The story went that at school her job was to learn as much as she could and the teachers job was to help her learn. The school principal’s role was to support her teacher and all the other teachers in the school and make sure it ran properly so she and her friends could learn as much as possible.

He didn’t get paid to learn, but he got paid to make sure all the children did learn and to help the teachers to make that happen. At work I don’t get paid to work with computers, I get paid to support the managers, team leaders and all of the team to do their work as effectively as possible and make sure the work is done, I told her.

My daughter went very quiet and looked to be thinking about the ramifications of the answer I had given. I was quietly quite pleased with the answer I had given and then she said, “Dad, if you get paid to do nothing, why does it take so long?” I was stunned, quickly said goodnight and left disgruntled.

Now, when I said I get paid to do nothing I was half joking, but it was only half. If I look at how I actually spend my time, virtually all of my day is spent in meetings.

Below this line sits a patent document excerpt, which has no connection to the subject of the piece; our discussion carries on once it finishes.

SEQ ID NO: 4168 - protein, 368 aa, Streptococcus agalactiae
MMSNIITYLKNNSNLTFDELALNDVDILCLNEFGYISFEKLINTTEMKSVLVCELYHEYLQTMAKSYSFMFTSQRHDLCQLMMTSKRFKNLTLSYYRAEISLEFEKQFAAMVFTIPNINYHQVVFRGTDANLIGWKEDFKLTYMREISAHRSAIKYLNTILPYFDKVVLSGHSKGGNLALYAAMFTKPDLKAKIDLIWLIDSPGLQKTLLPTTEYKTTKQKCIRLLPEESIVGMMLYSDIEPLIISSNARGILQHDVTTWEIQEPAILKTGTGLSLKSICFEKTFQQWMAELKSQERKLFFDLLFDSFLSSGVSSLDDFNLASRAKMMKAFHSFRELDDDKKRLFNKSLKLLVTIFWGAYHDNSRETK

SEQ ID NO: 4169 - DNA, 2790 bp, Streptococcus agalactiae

The form and topics of these meetings are many and varied. They may be one on ones, team meetings, executive briefings, steering committees, operating reviews, meet and greets or many other forums and topics.

If I am not in a meeting chances are I am preparing for a meeting, doing the occasional necessary action that comes out of meetings or reading and answering email and occasionally doing some personal research and study. Not a “productive” task there anywhere!

The organisational focus on meetings is often criticised loudly and with passion. How many times have you said or heard others say, “if only I didn’t have so many meetings, I could actually get something done!” Well what if you didn’t have meetings? How would we get our job as CIOs or senior IT leaders done?